As watch admirers and collectors, we can get pretty intense at times. We devote countless hours to researching and hunting watches. We pour irresponsible percentages of our hard-earned cash into these objects. And, at times, we can get a little hot-headed over it all. Today, I want to take a slightly psychological approach to watch collecting. Let’s explore what kinds of explanations for our obsession we can find in the science of the mind. I will focus particularly on a theory about why we can get a bit tense in comment sections and social media — the theory of the narrating self.

As is the case for many people in the watch industry, this was my “backup career”, so to speak. I started my professional life in consultancy. My field of specialization was subconscious consumer behavior, in short, the field of how our perceptions and behaviors are formed and influenced. After about a decade, I decided to follow my heart and make the switch to the watch world. The knowledge I acquired in my “plan A career”, however, turns out to be quite applicable here.

Wolf 1834 Watch Collection Box

I was triggered by Lex’s recent article “Dear Watch Fans, Why So Angry?”. Lex is right, of course. You would think that we would feel strongly about the war in Ukraine, the climate, and discrimination. Surely, not about something as inconsequential as a wristwatch? I decided to explore why this is not how it seems to work in real life. Here are my two cents on the matter:

The narrating self

The theory of the narrating self describes how our inner voice fabricates our perceived identity. Within this random chaos of our lives, it is this voice that makes sense of it all. It is a construct of nature and nurture, our memories, and the stories we build around them. It also incorporates our dreams and plans into a congruent story of “this is me”.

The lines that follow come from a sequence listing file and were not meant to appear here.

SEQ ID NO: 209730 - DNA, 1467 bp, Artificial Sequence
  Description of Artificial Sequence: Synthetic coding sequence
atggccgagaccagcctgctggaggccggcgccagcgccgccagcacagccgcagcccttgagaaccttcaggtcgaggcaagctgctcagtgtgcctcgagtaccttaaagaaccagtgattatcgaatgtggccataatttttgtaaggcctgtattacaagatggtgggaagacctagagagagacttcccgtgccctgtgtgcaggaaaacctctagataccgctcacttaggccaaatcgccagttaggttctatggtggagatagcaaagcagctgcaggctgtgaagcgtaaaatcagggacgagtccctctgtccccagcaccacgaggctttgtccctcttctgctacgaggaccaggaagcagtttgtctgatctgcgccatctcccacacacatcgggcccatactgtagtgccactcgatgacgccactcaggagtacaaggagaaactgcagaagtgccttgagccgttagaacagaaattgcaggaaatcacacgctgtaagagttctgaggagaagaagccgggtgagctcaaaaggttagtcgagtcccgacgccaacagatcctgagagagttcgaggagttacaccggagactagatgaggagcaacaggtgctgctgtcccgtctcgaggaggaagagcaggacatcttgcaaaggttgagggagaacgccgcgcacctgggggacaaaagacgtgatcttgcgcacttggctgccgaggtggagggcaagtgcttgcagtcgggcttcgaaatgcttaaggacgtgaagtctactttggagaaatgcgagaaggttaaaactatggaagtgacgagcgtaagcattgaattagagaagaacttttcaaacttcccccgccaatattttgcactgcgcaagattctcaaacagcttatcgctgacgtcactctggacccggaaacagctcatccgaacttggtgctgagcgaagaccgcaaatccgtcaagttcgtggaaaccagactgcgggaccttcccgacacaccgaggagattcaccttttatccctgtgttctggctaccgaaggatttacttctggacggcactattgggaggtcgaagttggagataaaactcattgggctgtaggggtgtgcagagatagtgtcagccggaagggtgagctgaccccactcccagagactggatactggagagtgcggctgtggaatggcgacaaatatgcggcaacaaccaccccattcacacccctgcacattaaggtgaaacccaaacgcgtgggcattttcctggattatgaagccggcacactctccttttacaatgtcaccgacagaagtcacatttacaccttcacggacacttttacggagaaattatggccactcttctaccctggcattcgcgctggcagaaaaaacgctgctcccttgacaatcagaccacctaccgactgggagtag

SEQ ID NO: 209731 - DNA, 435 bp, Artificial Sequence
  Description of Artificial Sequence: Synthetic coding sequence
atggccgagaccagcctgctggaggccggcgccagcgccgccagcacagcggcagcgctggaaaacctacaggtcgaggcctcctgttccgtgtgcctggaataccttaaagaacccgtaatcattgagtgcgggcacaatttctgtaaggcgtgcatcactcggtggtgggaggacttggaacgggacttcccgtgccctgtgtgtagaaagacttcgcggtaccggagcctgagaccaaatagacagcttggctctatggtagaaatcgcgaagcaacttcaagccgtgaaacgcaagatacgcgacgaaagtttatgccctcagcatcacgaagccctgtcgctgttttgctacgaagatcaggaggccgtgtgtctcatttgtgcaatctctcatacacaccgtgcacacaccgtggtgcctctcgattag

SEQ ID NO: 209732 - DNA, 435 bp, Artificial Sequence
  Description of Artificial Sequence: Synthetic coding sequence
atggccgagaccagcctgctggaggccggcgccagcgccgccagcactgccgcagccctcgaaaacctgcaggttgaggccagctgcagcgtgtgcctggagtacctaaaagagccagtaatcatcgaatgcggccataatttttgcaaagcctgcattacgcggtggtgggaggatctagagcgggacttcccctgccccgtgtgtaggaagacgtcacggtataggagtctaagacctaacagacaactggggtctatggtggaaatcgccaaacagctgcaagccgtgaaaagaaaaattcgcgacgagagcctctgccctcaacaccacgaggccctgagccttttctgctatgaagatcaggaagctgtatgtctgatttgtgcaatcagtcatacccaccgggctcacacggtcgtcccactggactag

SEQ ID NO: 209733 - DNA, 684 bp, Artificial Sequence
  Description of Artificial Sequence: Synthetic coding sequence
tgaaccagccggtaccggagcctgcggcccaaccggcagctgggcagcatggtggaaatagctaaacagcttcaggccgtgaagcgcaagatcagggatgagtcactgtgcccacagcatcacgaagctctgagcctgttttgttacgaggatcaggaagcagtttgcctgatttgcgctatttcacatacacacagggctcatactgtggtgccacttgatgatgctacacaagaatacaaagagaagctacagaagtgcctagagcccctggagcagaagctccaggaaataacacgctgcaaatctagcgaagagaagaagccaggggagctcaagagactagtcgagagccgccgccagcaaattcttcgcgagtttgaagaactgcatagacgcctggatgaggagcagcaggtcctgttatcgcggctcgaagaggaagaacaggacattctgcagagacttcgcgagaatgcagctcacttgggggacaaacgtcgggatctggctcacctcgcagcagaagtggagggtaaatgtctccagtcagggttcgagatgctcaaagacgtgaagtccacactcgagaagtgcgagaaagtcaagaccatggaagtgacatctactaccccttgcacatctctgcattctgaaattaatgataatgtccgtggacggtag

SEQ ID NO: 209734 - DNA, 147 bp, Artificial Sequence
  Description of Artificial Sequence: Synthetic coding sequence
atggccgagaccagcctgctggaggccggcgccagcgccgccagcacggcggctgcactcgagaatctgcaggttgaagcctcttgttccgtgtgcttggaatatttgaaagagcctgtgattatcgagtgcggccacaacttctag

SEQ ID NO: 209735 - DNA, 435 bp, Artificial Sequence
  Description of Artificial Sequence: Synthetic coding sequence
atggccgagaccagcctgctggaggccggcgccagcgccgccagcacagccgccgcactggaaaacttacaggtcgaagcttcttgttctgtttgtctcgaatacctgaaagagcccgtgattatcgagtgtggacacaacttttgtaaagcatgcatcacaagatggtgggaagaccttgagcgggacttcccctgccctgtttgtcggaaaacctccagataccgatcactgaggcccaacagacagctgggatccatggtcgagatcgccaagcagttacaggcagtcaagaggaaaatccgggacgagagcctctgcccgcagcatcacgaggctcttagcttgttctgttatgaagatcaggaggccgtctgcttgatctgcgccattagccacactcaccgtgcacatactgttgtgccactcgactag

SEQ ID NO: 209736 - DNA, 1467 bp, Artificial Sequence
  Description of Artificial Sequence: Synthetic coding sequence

You may recognize snippets such as, “I am a kind person. I am strict but fair. I am a country/city person. I am a party animal. I am tough. I am sensitive and perceptive. I do what it takes to provide for my family. I am a critical thinker.” Your unique combination of such notions forms your self-image as constructed and guarded by your narrating self.

Celebrating 10 years of Tudor Heritage Black Bay watches

Erratic behavior explained

Our behavior is generally quite erratic. A lot of it is driven subconsciously. Therefore, without the narrating self, we would feel like we were riding a rollercoaster in the dark. This inner voice provides us with a coherent, congruent story about ourselves, much like a narrator in a documentary would.

Let me get a little personal, as an example. I see myself as a healthy individual with healthy habits. Still, I do a little more snacking than I should. I have noticed my self-talk usually goes a little something like this: “It’s fine to get those ham and cheese croissants. You will eat healthy tomorrow because you have iron discipline and self-control.”

This inner voice provides us with a coherent, congruent story about ourselves

As you can see, my narrating self is hard at work bridging the gap between reality (unhealthy behavior) and my self-image (healthy guy). This is a key trait of the narrating self. It is extremely adept at protecting the image it has created of our identity. It is really quite fierce, ensuring nothing breaks the ideas and delusions we have about ourselves. If someone were to point out to me that I have more of these unhealthy days than healthy ones, I would likely become very defensive. Even though it may be the truth, it does not align with my self-talk and therefore makes me extremely uncomfortable.


Now to watches and the narrating self

Don’t worry, this is still a watch community. Let me tie all this to our shared passion. Since you are here, you have likely found yourself bitten by the watch bug at some point in your life. Something happened that made you say, “I am a watch person.” Watches have become part of your story. Being a watch person is now a trait you attribute to yourself. The narrating self now uses this trait to explain your behaviors.